Announcing Stack Overflow Documentation

We started with Q&A. Technical documentation is next, and we need your help.

Whether you're a beginner or an experienced developer, you can contribute.

Sign up and start helping → Learn more about Documentation →

I have a file which contains lines of data like below

300,,,292,15.4,0,04/16/12 20:10:39
200,,,292,15.4,0,04/16/12 20:10:39
100,,,292,15.4,0,04/16/12 20:10:39

Using awk i am summing up the first column like this

awk -F ',' '{ x = x + $1 } END { print x }' MyFile

Which is retuning 600 no problems.

I want to modify this command to also calculate the amount of lines in the file and then instead of { print x } i want to { print x / y } where y is the number of lines in the file.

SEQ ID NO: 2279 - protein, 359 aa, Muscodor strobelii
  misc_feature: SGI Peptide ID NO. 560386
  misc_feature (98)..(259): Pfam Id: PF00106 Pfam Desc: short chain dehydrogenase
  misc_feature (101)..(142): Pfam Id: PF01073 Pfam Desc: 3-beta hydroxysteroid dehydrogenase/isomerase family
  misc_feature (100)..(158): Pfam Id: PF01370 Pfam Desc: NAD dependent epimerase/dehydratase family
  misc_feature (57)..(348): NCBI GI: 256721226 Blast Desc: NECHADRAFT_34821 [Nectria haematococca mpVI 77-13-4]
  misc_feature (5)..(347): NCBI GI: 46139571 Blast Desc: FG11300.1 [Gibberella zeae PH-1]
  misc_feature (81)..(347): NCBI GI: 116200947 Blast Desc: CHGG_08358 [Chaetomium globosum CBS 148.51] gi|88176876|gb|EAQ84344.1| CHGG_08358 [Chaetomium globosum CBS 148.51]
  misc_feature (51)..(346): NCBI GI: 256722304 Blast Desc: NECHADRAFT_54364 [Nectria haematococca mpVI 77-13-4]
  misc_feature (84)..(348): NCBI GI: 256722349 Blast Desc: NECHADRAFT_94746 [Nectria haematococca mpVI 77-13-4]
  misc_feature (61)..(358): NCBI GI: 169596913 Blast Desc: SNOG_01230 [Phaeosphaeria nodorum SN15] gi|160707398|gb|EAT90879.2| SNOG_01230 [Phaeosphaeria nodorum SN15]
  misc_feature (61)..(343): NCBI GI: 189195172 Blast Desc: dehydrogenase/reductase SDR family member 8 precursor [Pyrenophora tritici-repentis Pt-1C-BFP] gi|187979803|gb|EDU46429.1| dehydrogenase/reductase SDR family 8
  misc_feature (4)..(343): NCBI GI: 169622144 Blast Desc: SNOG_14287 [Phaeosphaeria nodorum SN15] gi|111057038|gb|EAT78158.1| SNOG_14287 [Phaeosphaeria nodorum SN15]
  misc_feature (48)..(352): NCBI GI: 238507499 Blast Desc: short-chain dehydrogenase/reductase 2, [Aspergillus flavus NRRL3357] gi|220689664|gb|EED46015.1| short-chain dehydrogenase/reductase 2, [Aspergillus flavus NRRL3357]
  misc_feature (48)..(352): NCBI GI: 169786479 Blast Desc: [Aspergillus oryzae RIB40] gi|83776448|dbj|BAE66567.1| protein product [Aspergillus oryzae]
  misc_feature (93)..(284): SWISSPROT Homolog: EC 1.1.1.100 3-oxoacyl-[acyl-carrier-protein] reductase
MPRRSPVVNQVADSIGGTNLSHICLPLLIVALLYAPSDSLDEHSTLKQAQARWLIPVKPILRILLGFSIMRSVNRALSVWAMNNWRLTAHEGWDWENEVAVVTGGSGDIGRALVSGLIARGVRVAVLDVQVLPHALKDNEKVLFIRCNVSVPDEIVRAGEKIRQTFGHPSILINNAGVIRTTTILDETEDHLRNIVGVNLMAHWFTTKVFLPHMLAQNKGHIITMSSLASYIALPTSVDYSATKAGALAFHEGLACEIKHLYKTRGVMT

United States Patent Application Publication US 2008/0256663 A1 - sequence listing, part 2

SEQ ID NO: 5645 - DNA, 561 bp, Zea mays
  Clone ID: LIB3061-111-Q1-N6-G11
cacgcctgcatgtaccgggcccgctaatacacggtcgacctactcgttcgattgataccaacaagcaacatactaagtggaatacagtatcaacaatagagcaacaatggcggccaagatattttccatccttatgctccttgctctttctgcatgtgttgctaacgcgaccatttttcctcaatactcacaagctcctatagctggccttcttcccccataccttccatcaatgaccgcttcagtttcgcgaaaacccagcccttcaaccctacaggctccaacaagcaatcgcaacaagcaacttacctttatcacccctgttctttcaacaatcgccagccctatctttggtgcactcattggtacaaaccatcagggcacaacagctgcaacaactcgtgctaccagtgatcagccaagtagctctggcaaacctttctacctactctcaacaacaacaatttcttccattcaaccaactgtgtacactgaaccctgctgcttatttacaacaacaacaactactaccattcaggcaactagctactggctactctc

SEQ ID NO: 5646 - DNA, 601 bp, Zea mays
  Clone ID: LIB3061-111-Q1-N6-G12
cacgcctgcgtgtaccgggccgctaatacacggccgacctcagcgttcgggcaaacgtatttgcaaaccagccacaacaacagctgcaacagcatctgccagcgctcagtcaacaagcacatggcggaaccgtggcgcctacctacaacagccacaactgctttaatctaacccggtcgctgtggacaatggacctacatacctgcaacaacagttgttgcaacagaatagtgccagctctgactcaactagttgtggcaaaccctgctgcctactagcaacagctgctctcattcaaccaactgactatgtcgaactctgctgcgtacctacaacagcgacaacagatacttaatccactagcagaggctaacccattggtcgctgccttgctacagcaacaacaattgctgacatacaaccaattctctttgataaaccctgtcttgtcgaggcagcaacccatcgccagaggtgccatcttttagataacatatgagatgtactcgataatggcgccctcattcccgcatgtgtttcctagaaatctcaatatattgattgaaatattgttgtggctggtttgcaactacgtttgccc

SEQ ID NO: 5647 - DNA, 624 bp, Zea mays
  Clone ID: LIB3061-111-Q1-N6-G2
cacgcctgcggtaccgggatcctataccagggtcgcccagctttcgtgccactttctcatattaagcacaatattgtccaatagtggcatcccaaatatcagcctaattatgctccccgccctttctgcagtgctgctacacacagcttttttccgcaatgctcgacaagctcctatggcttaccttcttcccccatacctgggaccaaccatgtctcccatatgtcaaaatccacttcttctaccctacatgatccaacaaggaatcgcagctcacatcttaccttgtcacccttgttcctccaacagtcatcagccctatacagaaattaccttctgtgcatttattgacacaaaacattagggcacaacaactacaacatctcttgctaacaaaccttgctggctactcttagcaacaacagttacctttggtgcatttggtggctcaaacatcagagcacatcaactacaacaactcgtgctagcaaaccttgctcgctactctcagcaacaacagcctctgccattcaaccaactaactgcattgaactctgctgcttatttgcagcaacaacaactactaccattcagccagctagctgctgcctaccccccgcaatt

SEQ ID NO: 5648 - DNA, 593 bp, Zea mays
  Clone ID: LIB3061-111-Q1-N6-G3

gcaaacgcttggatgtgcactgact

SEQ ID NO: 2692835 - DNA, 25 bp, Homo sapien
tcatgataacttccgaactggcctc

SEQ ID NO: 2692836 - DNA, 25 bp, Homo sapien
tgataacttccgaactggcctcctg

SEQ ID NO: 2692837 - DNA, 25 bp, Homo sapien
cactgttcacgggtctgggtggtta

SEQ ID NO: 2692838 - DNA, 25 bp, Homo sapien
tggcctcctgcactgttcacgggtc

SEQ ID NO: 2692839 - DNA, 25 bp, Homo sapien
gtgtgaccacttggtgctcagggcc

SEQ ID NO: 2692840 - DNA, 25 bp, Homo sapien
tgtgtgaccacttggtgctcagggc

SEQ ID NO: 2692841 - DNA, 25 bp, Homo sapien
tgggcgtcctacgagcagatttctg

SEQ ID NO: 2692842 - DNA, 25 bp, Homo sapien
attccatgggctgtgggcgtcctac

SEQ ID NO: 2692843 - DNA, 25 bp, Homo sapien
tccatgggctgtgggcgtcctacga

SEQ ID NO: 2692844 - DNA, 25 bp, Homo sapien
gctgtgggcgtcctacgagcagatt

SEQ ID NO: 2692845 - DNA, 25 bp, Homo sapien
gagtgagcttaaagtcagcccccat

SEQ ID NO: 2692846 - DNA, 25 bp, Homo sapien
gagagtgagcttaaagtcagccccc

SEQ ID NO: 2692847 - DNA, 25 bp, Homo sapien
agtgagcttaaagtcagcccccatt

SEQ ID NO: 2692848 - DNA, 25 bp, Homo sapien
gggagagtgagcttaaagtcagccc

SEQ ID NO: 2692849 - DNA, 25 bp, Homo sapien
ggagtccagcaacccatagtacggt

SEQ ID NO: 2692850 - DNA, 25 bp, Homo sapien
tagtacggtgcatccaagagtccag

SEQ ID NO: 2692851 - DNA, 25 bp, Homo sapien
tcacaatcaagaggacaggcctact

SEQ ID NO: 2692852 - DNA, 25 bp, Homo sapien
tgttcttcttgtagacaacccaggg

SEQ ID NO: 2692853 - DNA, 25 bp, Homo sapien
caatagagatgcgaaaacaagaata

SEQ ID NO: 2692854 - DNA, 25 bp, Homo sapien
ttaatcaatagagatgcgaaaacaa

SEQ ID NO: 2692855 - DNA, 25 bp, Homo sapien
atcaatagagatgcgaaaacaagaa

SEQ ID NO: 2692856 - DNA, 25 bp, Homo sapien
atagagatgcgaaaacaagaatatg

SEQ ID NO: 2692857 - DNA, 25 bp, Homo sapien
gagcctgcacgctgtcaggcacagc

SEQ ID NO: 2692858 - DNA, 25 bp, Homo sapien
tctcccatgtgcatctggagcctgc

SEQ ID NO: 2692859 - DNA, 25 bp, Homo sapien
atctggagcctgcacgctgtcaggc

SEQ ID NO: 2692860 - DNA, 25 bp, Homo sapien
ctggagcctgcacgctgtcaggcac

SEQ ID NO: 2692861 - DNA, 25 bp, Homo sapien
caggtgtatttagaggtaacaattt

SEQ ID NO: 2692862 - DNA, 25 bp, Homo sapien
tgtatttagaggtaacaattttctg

So it would return 600 / 3 = 200.

share|improve this question
up vote 4 down vote accepted

The number of records processed so far is in NR:

awk -F, '{ x += $1 } END { print x " " x/NR }' MyFile

NR counts across all files processed; here, that's a single file. There's also FNR in at least some versions of awk; that counts the number of records processed in the current file. In this example, NR == FNR at all times because there's a single file.

share|improve this answer
It's worth noting that NR isn't the number of records in the file, just the ordinal number of the current record (in this case it's the last record, so everything works). – Staven Apr 16 '12 at 19:27
Thanks this works nicely. – general exception Apr 17 '12 at 7:49

Did you try NR for the number of records?

awk -F ',' '{ x = x + $1 } END { print x/NR }' MyFile
share|improve this answer

Your Answer


By posting your answer, you agree to the privacy policy and terms of service.

Not the answer you're looking for? Browse other questions tagged or ask your own question.